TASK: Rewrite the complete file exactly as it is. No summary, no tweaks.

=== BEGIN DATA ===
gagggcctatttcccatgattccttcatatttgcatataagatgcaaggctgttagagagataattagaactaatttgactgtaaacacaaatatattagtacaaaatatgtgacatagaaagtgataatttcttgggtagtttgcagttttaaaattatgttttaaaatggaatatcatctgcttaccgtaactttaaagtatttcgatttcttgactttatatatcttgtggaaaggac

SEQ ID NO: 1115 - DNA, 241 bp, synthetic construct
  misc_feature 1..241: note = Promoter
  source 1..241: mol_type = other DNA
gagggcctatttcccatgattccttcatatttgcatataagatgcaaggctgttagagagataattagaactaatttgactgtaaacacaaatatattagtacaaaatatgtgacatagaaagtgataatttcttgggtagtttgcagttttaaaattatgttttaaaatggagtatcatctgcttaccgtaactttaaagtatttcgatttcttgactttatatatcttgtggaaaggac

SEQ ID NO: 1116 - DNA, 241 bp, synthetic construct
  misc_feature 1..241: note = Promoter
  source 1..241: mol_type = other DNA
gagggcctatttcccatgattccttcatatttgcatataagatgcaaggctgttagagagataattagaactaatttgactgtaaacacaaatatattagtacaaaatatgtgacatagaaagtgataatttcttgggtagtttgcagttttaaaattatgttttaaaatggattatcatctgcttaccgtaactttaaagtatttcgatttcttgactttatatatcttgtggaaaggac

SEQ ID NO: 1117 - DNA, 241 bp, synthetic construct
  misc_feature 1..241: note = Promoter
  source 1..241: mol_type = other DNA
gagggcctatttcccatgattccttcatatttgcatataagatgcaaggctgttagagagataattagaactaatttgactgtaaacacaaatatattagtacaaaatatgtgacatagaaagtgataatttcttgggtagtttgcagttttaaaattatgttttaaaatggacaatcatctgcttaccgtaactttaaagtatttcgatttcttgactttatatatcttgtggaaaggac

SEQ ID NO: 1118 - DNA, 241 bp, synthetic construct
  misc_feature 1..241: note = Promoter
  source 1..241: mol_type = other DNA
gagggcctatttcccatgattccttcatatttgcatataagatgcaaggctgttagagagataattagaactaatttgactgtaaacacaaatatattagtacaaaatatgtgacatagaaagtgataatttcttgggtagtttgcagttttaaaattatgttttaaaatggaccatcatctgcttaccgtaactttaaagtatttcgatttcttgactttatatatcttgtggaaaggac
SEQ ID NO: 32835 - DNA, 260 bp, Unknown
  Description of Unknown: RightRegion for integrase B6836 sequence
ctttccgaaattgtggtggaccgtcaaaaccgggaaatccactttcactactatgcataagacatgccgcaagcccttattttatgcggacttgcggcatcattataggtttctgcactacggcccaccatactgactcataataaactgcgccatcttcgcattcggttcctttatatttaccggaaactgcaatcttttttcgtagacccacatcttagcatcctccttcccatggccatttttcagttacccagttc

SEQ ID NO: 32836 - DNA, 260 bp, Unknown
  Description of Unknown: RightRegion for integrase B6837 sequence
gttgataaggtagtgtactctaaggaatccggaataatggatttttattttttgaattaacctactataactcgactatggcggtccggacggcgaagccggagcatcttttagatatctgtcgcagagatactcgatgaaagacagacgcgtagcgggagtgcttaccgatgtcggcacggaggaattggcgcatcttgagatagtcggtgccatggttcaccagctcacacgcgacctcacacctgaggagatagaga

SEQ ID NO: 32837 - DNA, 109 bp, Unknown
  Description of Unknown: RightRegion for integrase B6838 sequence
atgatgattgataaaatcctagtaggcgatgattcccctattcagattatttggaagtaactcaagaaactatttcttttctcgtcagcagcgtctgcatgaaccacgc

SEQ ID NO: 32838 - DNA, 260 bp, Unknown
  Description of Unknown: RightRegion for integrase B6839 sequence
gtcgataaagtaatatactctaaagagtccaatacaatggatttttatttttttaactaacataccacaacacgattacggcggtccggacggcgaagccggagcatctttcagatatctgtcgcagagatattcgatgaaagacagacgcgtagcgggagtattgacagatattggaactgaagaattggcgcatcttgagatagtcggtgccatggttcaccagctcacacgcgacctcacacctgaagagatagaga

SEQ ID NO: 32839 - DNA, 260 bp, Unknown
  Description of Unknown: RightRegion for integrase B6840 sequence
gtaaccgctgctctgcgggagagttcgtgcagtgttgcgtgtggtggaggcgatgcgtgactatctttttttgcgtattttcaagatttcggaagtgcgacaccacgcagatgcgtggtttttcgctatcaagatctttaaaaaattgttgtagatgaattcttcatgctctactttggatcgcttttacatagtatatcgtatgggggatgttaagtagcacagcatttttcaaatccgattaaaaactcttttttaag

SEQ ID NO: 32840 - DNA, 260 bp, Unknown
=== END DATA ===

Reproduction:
gagggcctatttcccatgattccttcatatttgcatataagatgcaaggctgttagagagataattagaactaatttgactgtaaacacaaatatattagtacaaaatatgtgacatagaaagtgataatttcttgggtagtttgcagttttaaaattatgttttaaaatggaatatcatctgcttaccgtaactttaaagtatttcgatttcttgactttatatatcttgtggaaaggac

SEQ ID NO: 1115 - DNA, 241 bp, synthetic construct
  misc_feature 1..241: note = Promoter
  source 1..241: mol_type = other DNA
gagggcctatttcccatgattccttcatatttgcatataagatgcaaggctgttagagagataattagaactaatttgactgtaaacacaaatatattagtacaaaatatgtgacatagaaagtgataatttcttgggtagtttgcagttttaaaattatgttttaaaatggagtatcatctgcttaccgtaactttaaagtatttcgatttcttgactttatatatcttgtggaaaggac

SEQ ID NO: 1116 - DNA, 241 bp, synthetic construct
  misc_feature 1..241: note = Promoter
  source 1..241: mol_type = other DNA
gagggcctatttcccatgattccttcatatttgcatataagatgcaaggctgttagagagataattagaactaatttgactgtaaacacaaatatattagtacaaaatatgtgacatagaaagtgataatttcttgggtagtttgcagttttaaaattatgttttaaaatggattatcatctgcttaccgtaactttaaagtatttcgatttcttgactttatatatcttgtggaaaggac

SEQ ID NO: 1117 - DNA, 241 bp, synthetic construct
  misc_feature 1..241: note = Promoter
  source 1..241: mol_type = other DNA
gagggcctatttcccatgattccttcatatttgcatataagatgcaaggctgttagagagataattagaactaatttgactgtaaacacaaatatattagtacaaaatatgtgacatagaaagtgataatttcttgggtagtttgcagttttaaaattatgttttaaaatggacaatcatctgcttaccgtaactttaaagtatttcgatttcttgactttatatatcttgtggaaaggac

SEQ ID NO: 1118 - DNA, 241 bp, synthetic construct
  misc_feature 1..241: note = Promoter
  source 1..241: mol_type = other DNA
gagggcctatttcccatgattccttcatatttgcatataagatgcaaggctgttagagagataattagaactaatttgactgtaaacacaaatatattagtacaaaatatgtgacatagaaagtgataatttcttgggtagtttgcagttttaaaattatgttttaaaatggaccatcatctgcttaccgtaactttaaagtatttcgatttcttgactttatatatcttgtggaaaggac
SEQ ID NO: 32835 - DNA, 260 bp, Unknown
  Description of Unknown: RightRegion for integrase B6836 sequence
ctttccgaaattgtggtggaccgtcaaaaccgggaaatccactttcactactatgcataagacatgccgcaagcccttattttatgcggacttgcggcatcattataggtttctgcactacggcccaccatactgactcataataaactgcgccatcttcgcattcggttcctttatatttaccggaaactgcaatcttttttcgtagacccacatcttagcatcctccttcccatggccatttttcagttacccagttc

SEQ ID NO: 32836 - DNA, 260 bp, Unknown
  Description of Unknown: RightRegion for integrase B6837 sequence
gttgataaggtagtgtactctaaggaatccggaataatggatttttattttttgaattaacctactataactcgactatggcggtccggacggcgaagccggagcatcttttagatatctgtcgcagagatactcgatgaaagacagacgcgtagcgggagtgcttaccgatgtcggcacggaggaattggcgcatcttgagatagtcggtgccatggttcaccagctcacacgcgacctcacacctgaggagatagaga

SEQ ID NO: 32837 - DNA, 109 bp, Unknown
  Description of Unknown: RightRegion for integrase B6838 sequence
atgatgattgataaaatcctagtaggcgatgattcccctattcagattatttggaagtaactcaagaaactatttcttttctcgtcagcagcgtctgcatgaaccacgc

SEQ ID NO: 32838 - DNA, 260 bp, Unknown
  Description of Unknown: RightRegion for integrase B6839 sequence
gtcgataaagtaatatactctaaagagtccaatacaatggatttttatttttttaactaacataccacaacacgattacggcggtccggacggcgaagccggagcatctttcagatatctgtcgcagagatattcgatgaaagacagacgcgtagcgggagtattgacagatattggaactgaagaattggcgcatcttgagatagtcggtgccatggttcaccagctcacacgcgacctcacacctgaagagatagaga

SEQ ID NO: 32839 - DNA, 260 bp, Unknown
  Description of Unknown: RightRegion for integrase B6840 sequence
gtaaccgctgctctgcgggagagttcgtgcagtgttgcgtgtggtggaggcgatgcgtgactatctttttttgcgtattttcaagatttcggaagtgcgacaccacgcagatgcgtggtttttcgctatcaagatctttaaaaaattgttgtagatgaattcttcatgctctactttggatcgcttttacatagtatatcgtatgggggatgttaagtagcacagcatttttcaaatccgattaaaaactcttttttaag

SEQ ID NO: 32840 - DNA, 260 bp, Unknown